August Wilson is one in a sacred selection of American playwrights who is recognized as a canon all their own. His plays — a series of 10 titled “The Pittsburgh Cycle” — chronicle Black life throughout the 20th century. In these plays, Wilson architects humble men and women who drive trucks, work on farms and make music on the road — yet stretch to every corner of the emotional imagination. Wilson, who died in 2005, was a virtuosic composer of contradictions; he imbued his stories with poetry and prose, detailed events of the past in ways that remain prophetic to this day and gave human characters just as much backstory as he did their ghosts. In “The Piano Lesson,” which falls fourth in the Cycle’s sequence (set in 1936), Wilson does all three. The script, which in 1990 earned the Pulitzer Prize for Drama, remains a thing of lyrical beauty. You could close your eyes, skim through its pages and rest assured that your finger would land on brilliance. So what happens when such perfect words are lifted off their pages and hoisted onto a Broadway stage? The words could fly or fold under the weight of extra cargo: directors, actors, designers. Thankfully in the current revival at the Ethel Barrymore Theatre, director LaTanya Richardson Jackson (the first woman to ever direct an August Wilson play on Broadway) artfully pilots a contemporary and comedic rendition of the work, even if she doesn’t quite stick the landing.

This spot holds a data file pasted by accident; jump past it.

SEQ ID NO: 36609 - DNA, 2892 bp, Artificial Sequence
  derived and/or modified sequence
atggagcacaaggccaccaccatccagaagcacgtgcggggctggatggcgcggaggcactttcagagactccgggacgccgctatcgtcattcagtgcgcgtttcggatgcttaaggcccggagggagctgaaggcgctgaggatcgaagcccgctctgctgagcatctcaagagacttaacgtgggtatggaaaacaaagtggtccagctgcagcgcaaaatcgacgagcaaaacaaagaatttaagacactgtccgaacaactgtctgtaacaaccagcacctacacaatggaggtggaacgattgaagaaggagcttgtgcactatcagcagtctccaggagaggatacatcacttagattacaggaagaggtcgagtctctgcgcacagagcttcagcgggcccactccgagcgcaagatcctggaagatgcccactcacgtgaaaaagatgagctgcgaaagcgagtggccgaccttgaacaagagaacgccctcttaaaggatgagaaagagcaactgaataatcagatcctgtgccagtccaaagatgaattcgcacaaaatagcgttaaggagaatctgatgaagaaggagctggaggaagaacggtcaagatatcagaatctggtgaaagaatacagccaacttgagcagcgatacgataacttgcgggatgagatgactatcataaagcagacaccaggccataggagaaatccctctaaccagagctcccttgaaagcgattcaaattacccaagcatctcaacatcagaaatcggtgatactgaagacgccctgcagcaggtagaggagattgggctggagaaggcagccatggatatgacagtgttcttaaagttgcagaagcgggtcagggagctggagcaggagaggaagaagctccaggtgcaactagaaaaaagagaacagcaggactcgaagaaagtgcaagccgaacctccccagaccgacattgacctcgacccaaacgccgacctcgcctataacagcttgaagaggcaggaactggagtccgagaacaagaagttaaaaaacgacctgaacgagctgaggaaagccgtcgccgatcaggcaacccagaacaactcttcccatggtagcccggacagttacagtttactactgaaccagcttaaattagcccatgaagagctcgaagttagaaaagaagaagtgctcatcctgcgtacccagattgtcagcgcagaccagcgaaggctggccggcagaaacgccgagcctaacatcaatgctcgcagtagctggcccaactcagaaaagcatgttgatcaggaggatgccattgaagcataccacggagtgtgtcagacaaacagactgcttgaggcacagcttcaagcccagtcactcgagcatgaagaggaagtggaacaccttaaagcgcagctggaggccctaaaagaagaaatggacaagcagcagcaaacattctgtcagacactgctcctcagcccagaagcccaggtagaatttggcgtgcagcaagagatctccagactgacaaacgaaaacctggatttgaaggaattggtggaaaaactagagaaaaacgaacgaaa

LaTanya Richardson Jackson’s sharp direction keeps ‘The Piano Lesson’ mostly in tune
August Wilson is one in a sacred selection of American playwrights who is recognized as a canon all their own. His plays — a series of 10 titled "The Pittsburgh Cycle" — chronicle Black life throughout the 20th century.